How to Get the Most Out of the Color Green

They say geniuses pick green. Meet the Parents jokes aside, green is a consistently underutilized color, and one that can bring life and energy into any room. On the color wheel, blue and yellow mixed together create green, but it isn’t as straightforward as all that – there are nearly limitless hues of green. From the extremely light to dark, green has a little something for everyone.

 

Before you decide which shade is right for your situation, let's explore further. Green is an overwhelmingly positive color, but it does come with a few rules, like most colors usually do. Green makes us think of the environment, nature, and growth, so before you decide which green to use in your home, find out what color combinations green works best with.

 

Olive Green

Olive is a dark, almost yellowish green – think of it as Army colors. It is rugged and earthy, while also having some coziness. Olive (like virtually all shades of green) goes especially well with white, like in this modern and welcoming home. The olive green walls play  well with the white doors, ceiling, and trim.

 

 

Olive can also have a lot of utility in a living room, mixed in with a bluish color, as well as other shades of green with different values. It makes for a warm yet elegant space. A yellowish olive green helps give it that modern feel as well.

 

 

Hunter green

Hunter is a much darker green on the spectrum than olive, but it can still be just as impactful in your home. It works well when used to color an accent wall, as hunter is just dark enough to help it blend beautifully in a den area or basement.

 

 

Even hunter green can come in various hues, and the darker the hunter green the more elegant it tends to look. Perfect for dining areas or home libraries.

 

 

Sage Green

Sage green is a more muted green with subtle gray undertones, and is usually a softer green. Green can work outside as well, especially if you’re living in a warm or tropical climate. Take this sage green home in Hawaii on the main island, as it’s a perfect example of working with sage green on the exterior of a home.

 

 

If painting the entire exterior of your home seems like too bold a move, a perfect balancing act may be to spruce up a door or two. It can really help make the home look more inviting and full of life. While it can be warm and cool, sage is definitely one of the safer greens, and it can often play like a neutral color.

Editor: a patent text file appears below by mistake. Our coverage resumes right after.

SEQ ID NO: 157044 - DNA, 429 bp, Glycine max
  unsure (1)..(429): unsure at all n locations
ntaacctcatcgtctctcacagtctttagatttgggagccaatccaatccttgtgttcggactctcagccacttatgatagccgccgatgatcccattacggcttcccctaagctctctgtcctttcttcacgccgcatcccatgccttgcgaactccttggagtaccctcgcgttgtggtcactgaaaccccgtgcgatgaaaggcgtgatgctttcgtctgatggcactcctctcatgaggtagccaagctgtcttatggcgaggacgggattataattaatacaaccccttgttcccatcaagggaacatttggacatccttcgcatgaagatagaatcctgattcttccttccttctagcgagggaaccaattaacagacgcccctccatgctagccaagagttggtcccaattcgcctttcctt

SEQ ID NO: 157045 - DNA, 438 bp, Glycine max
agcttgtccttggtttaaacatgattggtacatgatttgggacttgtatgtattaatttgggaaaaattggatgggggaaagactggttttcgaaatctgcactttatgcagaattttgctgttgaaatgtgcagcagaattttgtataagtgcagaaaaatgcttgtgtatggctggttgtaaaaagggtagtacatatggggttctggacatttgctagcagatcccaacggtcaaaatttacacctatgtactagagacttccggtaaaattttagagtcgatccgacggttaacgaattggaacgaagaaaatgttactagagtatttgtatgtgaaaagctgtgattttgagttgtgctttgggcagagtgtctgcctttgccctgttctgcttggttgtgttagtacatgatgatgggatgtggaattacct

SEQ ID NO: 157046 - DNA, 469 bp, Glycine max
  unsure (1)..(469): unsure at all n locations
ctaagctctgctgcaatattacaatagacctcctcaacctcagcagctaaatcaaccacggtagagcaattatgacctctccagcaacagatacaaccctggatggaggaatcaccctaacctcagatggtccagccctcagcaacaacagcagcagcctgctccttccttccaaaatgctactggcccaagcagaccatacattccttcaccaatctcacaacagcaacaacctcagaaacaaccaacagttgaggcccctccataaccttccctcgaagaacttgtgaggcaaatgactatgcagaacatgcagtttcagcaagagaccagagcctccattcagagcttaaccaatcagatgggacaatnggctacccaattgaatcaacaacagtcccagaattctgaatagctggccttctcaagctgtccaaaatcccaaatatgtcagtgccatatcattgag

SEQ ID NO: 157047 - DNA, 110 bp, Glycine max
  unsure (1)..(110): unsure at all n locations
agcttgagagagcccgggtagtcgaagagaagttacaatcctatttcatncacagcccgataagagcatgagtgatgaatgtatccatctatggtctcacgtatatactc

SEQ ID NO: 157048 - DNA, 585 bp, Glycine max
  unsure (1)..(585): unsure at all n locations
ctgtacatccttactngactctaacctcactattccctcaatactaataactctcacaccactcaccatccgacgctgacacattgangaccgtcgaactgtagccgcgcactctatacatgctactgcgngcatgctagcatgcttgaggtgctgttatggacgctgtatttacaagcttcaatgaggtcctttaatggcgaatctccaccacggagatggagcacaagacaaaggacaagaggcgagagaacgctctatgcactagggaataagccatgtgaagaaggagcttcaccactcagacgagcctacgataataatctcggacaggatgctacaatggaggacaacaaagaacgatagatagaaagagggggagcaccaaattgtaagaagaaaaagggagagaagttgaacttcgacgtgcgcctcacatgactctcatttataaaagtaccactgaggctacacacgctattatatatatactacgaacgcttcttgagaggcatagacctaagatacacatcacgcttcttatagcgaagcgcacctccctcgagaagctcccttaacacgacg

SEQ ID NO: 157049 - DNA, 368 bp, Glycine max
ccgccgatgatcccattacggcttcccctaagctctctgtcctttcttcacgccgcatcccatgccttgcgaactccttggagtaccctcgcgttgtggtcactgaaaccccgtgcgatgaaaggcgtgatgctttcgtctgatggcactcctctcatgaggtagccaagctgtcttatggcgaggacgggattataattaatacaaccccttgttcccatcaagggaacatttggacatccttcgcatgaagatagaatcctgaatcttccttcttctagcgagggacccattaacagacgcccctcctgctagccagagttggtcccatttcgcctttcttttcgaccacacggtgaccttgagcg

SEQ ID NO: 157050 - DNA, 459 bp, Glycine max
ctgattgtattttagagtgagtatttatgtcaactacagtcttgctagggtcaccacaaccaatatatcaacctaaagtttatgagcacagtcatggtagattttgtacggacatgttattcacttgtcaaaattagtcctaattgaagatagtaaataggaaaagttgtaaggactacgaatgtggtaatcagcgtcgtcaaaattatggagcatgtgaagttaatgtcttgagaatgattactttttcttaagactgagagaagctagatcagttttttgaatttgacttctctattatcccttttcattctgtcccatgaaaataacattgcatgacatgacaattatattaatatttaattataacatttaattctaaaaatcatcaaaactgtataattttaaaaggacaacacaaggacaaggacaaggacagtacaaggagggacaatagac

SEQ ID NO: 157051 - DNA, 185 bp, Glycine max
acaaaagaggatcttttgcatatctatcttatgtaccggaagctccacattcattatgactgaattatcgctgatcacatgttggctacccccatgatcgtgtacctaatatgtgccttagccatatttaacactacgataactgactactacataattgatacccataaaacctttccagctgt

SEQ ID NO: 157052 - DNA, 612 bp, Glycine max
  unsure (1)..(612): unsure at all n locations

Mint Green

Mint green tends to have an old-school feel to it, and tends to be most suitable for bathrooms. It's a light, creamy shade of green, and when done well it looks sharp. It gives this bathroom a cool feeling, similar to the post-brushing coolness imparted from our minty toothpastes.

 

 

The cool and creamy hues that mint green offers can also work really well in the bedroom. If you don’t want to commit to painting an entire wall, try adding some pop with a comforter or some throw pillows, as it will help liven up the space.

 

 

Kelly Green

Recently, Kelly green has been trending in the right direction as far as home décor goes. Kelly green can work most anywhere in the home, but a adding a little to the kitchen area packs a little extra punch to a room's vibe. It goes well with many colors (especially blue), as it looks warm and modern.

 

 

Apple Green

Who doesn’t like apples? Or, at the very least, their color. A nice Granny Smith green is a bright yet not overwhelming shade of green. It mixes well in kitchens, bedrooms, and even bathrooms. It always looks fresh and brings to mind the lushness of spring.

 

 

Use it sparingly on cabinets and drawers for accent, or feel free to go crazy and paint an entire wall – Granny Smith looks great!

 

 

Because of its warm and relaxing nature, apple green also fits seamlessly into bedrooms, and its cool notes will definitely help you drift off to sleep.

 

 

In the end, green is a strong and versatile color, and despite the fact that it comes with a some rules, it can look great almost anywhere when employed correctly. Remember to have fun with it, as experimenting with different shades of green can be a highly enjoyable experience.

 

Images used with permission, courtesy of www.shutterstock.com

 

 

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